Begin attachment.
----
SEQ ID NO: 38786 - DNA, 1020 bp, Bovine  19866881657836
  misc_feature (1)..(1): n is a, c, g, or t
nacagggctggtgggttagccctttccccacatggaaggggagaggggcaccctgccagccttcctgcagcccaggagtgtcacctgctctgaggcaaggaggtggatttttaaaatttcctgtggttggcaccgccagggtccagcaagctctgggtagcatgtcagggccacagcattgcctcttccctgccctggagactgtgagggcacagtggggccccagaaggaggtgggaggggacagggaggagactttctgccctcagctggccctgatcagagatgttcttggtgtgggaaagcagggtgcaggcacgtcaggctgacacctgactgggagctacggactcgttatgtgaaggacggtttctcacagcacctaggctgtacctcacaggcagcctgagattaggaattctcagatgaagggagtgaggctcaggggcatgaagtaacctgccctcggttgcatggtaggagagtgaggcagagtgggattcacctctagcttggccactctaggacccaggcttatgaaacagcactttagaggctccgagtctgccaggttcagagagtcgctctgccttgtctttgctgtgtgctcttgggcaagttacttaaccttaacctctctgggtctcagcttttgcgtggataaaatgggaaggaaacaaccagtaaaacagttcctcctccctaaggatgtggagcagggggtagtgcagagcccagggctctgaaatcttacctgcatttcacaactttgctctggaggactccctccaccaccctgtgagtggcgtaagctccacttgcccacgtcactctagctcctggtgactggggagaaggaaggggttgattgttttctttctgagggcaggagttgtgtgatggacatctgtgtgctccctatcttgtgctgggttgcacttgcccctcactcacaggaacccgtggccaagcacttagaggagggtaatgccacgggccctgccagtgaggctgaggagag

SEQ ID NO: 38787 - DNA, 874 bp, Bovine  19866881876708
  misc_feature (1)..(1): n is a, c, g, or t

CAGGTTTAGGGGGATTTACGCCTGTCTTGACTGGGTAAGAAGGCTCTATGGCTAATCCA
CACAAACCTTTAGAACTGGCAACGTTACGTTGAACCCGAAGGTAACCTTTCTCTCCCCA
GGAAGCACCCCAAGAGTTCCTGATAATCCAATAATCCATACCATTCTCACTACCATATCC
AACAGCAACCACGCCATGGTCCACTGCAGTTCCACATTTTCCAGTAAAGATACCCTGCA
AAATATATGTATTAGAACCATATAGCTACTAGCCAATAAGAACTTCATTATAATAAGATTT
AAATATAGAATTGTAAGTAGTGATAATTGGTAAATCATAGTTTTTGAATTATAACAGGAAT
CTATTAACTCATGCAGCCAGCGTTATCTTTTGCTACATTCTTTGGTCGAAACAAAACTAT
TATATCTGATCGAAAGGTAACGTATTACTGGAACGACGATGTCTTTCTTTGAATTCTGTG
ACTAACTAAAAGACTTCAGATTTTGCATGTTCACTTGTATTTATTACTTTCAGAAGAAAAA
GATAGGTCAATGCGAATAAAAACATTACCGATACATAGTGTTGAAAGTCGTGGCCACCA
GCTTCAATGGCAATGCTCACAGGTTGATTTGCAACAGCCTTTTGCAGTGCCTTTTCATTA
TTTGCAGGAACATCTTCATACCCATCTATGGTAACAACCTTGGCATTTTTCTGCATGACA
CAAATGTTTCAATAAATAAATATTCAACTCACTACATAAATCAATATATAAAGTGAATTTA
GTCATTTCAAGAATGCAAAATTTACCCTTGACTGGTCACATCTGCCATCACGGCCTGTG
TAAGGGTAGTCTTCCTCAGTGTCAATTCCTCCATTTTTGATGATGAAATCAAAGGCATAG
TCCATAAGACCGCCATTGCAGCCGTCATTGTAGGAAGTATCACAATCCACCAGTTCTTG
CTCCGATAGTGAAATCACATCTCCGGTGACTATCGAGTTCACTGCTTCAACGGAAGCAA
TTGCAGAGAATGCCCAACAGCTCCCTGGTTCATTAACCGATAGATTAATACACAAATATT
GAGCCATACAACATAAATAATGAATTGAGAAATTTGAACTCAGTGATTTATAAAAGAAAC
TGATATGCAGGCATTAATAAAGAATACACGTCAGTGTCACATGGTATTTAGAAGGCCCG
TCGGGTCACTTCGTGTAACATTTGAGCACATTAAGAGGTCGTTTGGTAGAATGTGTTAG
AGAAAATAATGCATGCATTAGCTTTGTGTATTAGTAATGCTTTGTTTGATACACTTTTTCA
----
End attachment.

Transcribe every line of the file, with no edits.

SEQ ID NO: 38786 - DNA, 1020 bp, Bovine  19866881657836
  misc_feature (1)..(1): n is a, c, g, or t
nacagggctggtgggttagccctttccccacatggaaggggagaggggcaccctgccagccttcctgcagcccaggagtgtcacctgctctgaggcaaggaggtggatttttaaaatttcctgtggttggcaccgccagggtccagcaagctctgggtagcatgtcagggccacagcattgcctcttccctgccctggagactgtgagggcacagtggggccccagaaggaggtgggaggggacagggaggagactttctgccctcagctggccctgatcagagatgttcttggtgtgggaaagcagggtgcaggcacgtcaggctgacacctgactgggagctacggactcgttatgtgaaggacggtttctcacagcacctaggctgtacctcacaggcagcctgagattaggaattctcagatgaagggagtgaggctcaggggcatgaagtaacctgccctcggttgcatggtaggagagtgaggcagagtgggattcacctctagcttggccactctaggacccaggcttatgaaacagcactttagaggctccgagtctgccaggttcagagagtcgctctgccttgtctttgctgtgtgctcttgggcaagttacttaaccttaacctctctgggtctcagcttttgcgtggataaaatgggaaggaaacaaccagtaaaacagttcctcctccctaaggatgtggagcagggggtagtgcagagcccagggctctgaaatcttacctgcatttcacaactttgctctggaggactccctccaccaccctgtgagtggcgtaagctccacttgcccacgtcactctagctcctggtgactggggagaaggaaggggttgattgttttctttctgagggcaggagttgtgtgatggacatctgtgtgctccctatcttgtgctgggttgcacttgcccctcactcacaggaacccgtggccaagcacttagaggagggtaatgccacgggccctgccagtgaggctgaggagag

SEQ ID NO: 38787 - DNA, 874 bp, Bovine  19866881876708
  misc_feature (1)..(1): n is a, c, g, or t

CAGGTTTAGGGGGATTTACGCCTGTCTTGACTGGGTAAGAAGGCTCTATGGCTAATCCA
CACAAACCTTTAGAACTGGCAACGTTACGTTGAACCCGAAGGTAACCTTTCTCTCCCCA
GGAAGCACCCCAAGAGTTCCTGATAATCCAATAATCCATACCATTCTCACTACCATATCC
AACAGCAACCACGCCATGGTCCACTGCAGTTCCACATTTTCCAGTAAAGATACCCTGCA
AAATATATGTATTAGAACCATATAGCTACTAGCCAATAAGAACTTCATTATAATAAGATTT
AAATATAGAATTGTAAGTAGTGATAATTGGTAAATCATAGTTTTTGAATTATAACAGGAAT
CTATTAACTCATGCAGCCAGCGTTATCTTTTGCTACATTCTTTGGTCGAAACAAAACTAT
TATATCTGATCGAAAGGTAACGTATTACTGGAACGACGATGTCTTTCTTTGAATTCTGTG
ACTAACTAAAAGACTTCAGATTTTGCATGTTCACTTGTATTTATTACTTTCAGAAGAAAAA
GATAGGTCAATGCGAATAAAAACATTACCGATACATAGTGTTGAAAGTCGTGGCCACCA
GCTTCAATGGCAATGCTCACAGGTTGATTTGCAACAGCCTTTTGCAGTGCCTTTTCATTA
TTTGCAGGAACATCTTCATACCCATCTATGGTAACAACCTTGGCATTTTTCTGCATGACA
CAAATGTTTCAATAAATAAATATTCAACTCACTACATAAATCAATATATAAAGTGAATTTA
GTCATTTCAAGAATGCAAAATTTACCCTTGACTGGTCACATCTGCCATCACGGCCTGTG
TAAGGGTAGTCTTCCTCAGTGTCAATTCCTCCATTTTTGATGATGAAATCAAAGGCATAG
TCCATAAGACCGCCATTGCAGCCGTCATTGTAGGAAGTATCACAATCCACCAGTTCTTG
CTCCGATAGTGAAATCACATCTCCGGTGACTATCGAGTTCACTGCTTCAACGGAAGCAA
TTGCAGAGAATGCCCAACAGCTCCCTGGTTCATTAACCGATAGATTAATACACAAATATT
GAGCCATACAACATAAATAATGAATTGAGAAATTTGAACTCAGTGATTTATAAAAGAAAC
TGATATGCAGGCATTAATAAAGAATACACGTCAGTGTCACATGGTATTTAGAAGGCCCG
TCGGGTCACTTCGTGTAACATTTGAGCACATTAAGAGGTCGTTTGGTAGAATGTGTTAG
AGAAAATAATGCATGCATTAGCTTTGTGTATTAGTAATGCTTTGTTTGATACACTTTTTCA